Common Problems in Setting Video Levels
- Threshold too high - the experiment object disappears from view.
- Threshold too low - objects in the cameras' field-of-view, other than the object
you wish to track, exceed the threshold level; data can look "spiky" because the
detection circuitry shifts from the object you want to track to the distracting object.
- Interfering objects in the field-of-view - if your graphs seem to be "spiky" or form
a line, you may have an interfering object whose level is too close to that of the
object you are tracking.
This can easily happen if the interferring object is far away from the experiment area. Observing the Scan Line View or Object View usually helps to locate the object. IF it does not, perhaps the interfering object is in the same horizontal row as the object you are trying to track. To check for this possibility, move your target object to a different height or remove it from the experiment area.
- Video camera exposure is set too high - as with interfering objects, if your graphs seem to be "spiky" or form a line, the video may be saturated in various places causing color artifacts. Some video cameras show saturated areas with striped lines.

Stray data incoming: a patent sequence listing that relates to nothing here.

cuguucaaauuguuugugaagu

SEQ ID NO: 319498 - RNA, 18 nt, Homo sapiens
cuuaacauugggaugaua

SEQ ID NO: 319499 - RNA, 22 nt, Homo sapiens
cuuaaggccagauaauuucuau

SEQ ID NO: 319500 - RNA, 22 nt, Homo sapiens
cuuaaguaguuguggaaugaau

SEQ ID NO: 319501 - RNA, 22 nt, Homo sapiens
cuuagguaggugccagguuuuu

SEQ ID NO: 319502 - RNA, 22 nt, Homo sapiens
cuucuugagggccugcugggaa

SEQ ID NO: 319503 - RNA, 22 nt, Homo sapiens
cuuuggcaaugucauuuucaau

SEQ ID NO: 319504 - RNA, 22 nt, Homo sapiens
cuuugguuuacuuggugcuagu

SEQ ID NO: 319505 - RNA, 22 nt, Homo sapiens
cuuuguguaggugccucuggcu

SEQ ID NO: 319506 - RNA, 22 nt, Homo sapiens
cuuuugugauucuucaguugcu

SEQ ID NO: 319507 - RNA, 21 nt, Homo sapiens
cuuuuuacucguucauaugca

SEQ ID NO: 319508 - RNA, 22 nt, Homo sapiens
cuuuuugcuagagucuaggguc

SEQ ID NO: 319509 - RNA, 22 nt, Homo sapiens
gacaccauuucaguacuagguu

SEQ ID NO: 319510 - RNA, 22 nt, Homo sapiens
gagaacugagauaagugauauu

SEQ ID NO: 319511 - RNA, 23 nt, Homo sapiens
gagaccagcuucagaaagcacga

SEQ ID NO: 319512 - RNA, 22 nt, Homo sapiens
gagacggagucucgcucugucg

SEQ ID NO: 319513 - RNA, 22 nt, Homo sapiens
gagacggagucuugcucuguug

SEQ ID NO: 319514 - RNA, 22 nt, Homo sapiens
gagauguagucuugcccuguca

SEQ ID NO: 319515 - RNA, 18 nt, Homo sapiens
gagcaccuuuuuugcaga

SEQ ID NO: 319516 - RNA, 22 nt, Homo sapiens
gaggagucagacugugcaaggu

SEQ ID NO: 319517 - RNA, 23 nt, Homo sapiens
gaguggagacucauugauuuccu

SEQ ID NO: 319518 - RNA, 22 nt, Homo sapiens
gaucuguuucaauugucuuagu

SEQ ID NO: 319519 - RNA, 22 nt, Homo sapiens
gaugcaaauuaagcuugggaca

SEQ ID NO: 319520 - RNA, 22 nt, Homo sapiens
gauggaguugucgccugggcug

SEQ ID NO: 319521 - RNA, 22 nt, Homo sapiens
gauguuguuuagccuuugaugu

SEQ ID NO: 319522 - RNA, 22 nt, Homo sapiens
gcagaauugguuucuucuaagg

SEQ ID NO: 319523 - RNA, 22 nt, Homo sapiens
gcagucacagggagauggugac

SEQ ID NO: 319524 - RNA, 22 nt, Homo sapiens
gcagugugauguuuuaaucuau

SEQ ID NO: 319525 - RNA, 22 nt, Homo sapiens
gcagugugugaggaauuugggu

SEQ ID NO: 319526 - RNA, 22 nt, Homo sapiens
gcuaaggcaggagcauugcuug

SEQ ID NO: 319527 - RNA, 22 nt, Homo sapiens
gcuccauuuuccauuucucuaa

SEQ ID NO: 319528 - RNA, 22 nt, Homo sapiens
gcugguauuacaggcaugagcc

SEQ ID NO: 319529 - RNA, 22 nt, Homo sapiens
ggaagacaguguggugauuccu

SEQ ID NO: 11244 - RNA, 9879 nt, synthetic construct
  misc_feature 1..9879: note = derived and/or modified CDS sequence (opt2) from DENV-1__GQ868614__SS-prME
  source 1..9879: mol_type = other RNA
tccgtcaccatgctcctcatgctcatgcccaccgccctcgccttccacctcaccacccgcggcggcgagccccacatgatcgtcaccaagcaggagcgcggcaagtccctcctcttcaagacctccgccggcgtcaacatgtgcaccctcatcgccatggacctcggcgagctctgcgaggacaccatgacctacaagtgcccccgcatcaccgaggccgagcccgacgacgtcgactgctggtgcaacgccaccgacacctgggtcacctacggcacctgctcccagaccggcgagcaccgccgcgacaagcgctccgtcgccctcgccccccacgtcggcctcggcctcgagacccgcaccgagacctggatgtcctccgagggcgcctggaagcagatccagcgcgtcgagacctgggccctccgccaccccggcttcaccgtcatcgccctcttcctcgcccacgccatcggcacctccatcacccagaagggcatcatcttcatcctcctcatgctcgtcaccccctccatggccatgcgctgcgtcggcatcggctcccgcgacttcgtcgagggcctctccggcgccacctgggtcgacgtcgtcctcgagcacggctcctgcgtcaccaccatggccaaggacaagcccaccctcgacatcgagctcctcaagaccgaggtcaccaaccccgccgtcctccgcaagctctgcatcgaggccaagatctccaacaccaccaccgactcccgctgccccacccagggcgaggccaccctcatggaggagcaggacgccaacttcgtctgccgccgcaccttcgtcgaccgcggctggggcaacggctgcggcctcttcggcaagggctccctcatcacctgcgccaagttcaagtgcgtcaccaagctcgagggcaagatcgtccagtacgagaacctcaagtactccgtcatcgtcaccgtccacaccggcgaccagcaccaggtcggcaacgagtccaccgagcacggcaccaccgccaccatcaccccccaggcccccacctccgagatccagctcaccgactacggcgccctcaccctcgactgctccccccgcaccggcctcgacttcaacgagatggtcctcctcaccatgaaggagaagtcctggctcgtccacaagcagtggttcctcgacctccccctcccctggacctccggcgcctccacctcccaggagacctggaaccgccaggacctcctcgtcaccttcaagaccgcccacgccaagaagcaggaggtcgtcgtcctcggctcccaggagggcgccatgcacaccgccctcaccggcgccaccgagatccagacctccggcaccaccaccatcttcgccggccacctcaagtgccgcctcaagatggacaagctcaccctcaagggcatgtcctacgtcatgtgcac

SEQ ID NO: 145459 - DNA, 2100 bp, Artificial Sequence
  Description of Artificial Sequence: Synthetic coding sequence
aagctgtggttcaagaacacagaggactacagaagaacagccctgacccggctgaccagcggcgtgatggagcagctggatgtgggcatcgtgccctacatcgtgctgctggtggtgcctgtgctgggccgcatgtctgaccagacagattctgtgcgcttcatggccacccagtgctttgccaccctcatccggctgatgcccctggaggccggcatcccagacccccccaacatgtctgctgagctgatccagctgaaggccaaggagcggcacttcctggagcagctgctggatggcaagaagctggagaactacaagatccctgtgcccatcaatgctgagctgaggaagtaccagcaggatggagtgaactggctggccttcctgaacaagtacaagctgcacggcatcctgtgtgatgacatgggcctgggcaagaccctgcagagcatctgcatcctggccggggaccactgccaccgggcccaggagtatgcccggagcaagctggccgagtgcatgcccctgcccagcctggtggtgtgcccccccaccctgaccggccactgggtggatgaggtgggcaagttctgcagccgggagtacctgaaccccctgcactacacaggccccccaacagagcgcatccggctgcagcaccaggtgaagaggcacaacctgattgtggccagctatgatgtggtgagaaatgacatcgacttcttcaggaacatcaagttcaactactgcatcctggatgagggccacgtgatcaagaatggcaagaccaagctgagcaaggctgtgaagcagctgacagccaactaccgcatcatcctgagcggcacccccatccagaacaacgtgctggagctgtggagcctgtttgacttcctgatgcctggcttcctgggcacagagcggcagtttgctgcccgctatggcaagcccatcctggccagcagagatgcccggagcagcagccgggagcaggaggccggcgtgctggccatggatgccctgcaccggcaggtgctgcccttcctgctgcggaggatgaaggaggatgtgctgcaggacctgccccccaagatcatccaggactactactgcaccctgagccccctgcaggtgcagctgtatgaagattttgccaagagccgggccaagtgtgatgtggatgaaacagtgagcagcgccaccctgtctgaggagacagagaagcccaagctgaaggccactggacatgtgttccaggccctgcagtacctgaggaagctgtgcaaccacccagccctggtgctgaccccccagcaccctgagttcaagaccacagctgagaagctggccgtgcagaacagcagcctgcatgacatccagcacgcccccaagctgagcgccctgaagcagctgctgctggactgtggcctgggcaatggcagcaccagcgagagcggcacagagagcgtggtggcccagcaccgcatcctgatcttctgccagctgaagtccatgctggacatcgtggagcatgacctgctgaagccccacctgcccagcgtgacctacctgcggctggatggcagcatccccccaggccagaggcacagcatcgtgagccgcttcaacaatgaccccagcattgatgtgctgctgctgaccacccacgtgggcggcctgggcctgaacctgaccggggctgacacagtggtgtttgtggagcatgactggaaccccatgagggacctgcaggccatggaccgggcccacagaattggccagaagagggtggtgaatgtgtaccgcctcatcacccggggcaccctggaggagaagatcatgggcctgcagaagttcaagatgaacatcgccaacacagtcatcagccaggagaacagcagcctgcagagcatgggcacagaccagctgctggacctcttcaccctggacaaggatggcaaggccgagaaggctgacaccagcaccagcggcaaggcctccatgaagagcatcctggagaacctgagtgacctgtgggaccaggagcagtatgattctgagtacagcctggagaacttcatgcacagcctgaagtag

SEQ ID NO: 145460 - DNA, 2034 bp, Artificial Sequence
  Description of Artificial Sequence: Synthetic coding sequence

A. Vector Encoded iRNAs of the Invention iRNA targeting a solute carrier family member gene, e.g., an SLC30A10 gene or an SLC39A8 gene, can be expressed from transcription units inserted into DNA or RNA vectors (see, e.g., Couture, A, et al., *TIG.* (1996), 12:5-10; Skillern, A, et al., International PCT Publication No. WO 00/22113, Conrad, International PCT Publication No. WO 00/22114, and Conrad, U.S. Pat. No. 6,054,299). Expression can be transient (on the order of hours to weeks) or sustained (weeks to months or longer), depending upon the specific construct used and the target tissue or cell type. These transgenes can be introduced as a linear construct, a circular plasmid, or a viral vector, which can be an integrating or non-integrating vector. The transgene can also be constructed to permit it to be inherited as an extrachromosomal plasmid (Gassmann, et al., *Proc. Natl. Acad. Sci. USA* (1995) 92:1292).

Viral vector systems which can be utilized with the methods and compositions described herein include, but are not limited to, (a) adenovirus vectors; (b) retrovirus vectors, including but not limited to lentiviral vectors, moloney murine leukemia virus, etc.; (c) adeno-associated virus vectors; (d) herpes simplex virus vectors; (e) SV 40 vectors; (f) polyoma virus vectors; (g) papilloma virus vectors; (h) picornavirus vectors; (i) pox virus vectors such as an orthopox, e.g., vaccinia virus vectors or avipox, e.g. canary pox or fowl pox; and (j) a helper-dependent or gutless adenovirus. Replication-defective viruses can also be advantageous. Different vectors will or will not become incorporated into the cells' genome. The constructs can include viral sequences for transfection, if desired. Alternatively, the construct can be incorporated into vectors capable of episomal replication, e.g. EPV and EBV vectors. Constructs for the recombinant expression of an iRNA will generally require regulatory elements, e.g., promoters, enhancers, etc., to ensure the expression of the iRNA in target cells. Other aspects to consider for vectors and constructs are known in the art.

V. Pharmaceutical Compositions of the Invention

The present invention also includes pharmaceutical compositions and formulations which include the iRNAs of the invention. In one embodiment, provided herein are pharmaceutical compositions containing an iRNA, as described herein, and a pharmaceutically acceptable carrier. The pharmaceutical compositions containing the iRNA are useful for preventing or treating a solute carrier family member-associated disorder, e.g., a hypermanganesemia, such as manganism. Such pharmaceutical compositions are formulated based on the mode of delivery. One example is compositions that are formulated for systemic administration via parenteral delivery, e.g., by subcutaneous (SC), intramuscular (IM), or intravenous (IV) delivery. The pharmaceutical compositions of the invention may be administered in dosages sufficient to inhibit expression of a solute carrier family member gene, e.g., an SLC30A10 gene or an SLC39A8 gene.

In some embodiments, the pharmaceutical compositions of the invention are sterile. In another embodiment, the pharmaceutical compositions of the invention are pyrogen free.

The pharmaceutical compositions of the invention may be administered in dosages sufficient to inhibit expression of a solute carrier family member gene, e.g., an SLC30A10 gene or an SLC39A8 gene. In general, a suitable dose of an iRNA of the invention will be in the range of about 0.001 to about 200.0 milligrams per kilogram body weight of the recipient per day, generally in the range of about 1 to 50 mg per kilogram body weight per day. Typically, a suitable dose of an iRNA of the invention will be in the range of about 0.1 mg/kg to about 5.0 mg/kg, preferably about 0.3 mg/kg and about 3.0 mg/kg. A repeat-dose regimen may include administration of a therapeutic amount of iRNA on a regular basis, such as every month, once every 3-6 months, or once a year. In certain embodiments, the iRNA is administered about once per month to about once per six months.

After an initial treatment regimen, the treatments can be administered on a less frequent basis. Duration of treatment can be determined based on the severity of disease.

- Less than ideal lighting conditions - the automatic gain on most video cameras adjusts
to low-light levels. Sometimes, however, under fluorescent lights that produce very
little red, it may be hard to get good data. In this case, add incandescent clamp
lights to shine on the red objects.
- Camera(s) set to "progressive scan" mode - progressive scan mode takes a new image
only thirty times per second rather than the normal sixty times per second. This
option can cause problems with Motion Visualizer 3D video levels and should be disabled.
- Camera(s) set to output status information - Some video cameras include status information, such as date/time, in their video output. Status information can interfere with obtaining a clean video signal so this option should be disabled. You can check this by viewing the cameras' video output on an external monitor.
Video cameras set themselves to an average level, via an "automatic gain control", which may result in some areas being beyond the dynamic range of the cameras. This is best for a picture, but for our purposes, it is best not to have any saturation in a field-of-view. If your viewfinder, for example, shows white in the middle of a red object, it has probably reached saturation and the exposure should be turned down. Find the "exposure control" setting, and set it for a shorter exposure (the viewfinder should look darker afterwards).